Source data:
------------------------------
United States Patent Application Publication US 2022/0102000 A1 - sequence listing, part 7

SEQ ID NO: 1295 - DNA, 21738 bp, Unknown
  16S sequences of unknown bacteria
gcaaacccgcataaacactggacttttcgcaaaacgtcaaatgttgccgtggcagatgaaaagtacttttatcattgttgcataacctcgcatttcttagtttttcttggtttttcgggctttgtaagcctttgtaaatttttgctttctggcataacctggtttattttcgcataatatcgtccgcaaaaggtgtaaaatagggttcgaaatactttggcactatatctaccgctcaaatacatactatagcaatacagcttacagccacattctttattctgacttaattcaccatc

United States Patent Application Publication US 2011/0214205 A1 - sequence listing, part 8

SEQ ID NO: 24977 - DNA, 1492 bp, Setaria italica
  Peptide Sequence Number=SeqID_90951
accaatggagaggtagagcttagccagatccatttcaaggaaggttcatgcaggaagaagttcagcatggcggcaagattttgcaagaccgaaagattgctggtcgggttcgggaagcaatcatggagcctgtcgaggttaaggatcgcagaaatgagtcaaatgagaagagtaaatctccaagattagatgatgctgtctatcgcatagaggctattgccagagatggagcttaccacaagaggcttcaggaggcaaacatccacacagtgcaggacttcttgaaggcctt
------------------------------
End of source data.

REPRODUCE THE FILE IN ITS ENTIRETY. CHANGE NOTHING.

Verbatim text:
United States Patent Application Publication US 2022/0102000 A1 - sequence listing, part 7

SEQ ID NO: 1295 - DNA, 21738 bp, Unknown
  16S sequences of unknown bacteria
gcaaacccgcataaacactggacttttcgcaaaacgtcaaatgttgccgtggcagatgaaaagtacttttatcattgttgcataacctcgcatttcttagtttttcttggtttttcgggctttgtaagcctttgtaaatttttgctttctggcataacctggtttattttcgcataatatcgtccgcaaaaggtgtaaaatagggttcgaaatactttggcactatatctaccgctcaaatacatactatagcaatacagcttacagccacattctttattctgacttaattcaccatc

United States Patent Application Publication US 2011/0214205 A1 - sequence listing, part 8

SEQ ID NO: 24977 - DNA, 1492 bp, Setaria italica
  Peptide Sequence Number=SeqID_90951
accaatggagaggtagagcttagccagatccatttcaaggaaggttcatgcaggaagaagttcagcatggcggcaagattttgcaagaccgaaagattgctggtcgggttcgggaagcaatcatggagcctgtcgaggttaaggatcgcagaaatgagtcaaatgagaagagtaaatctccaagattagatgatgctgtctatcgcatagaggctattgccagagatggagcttaccacaagaggcttcaggaggcaaacatccacacagtgcaggacttcttgaaggcctt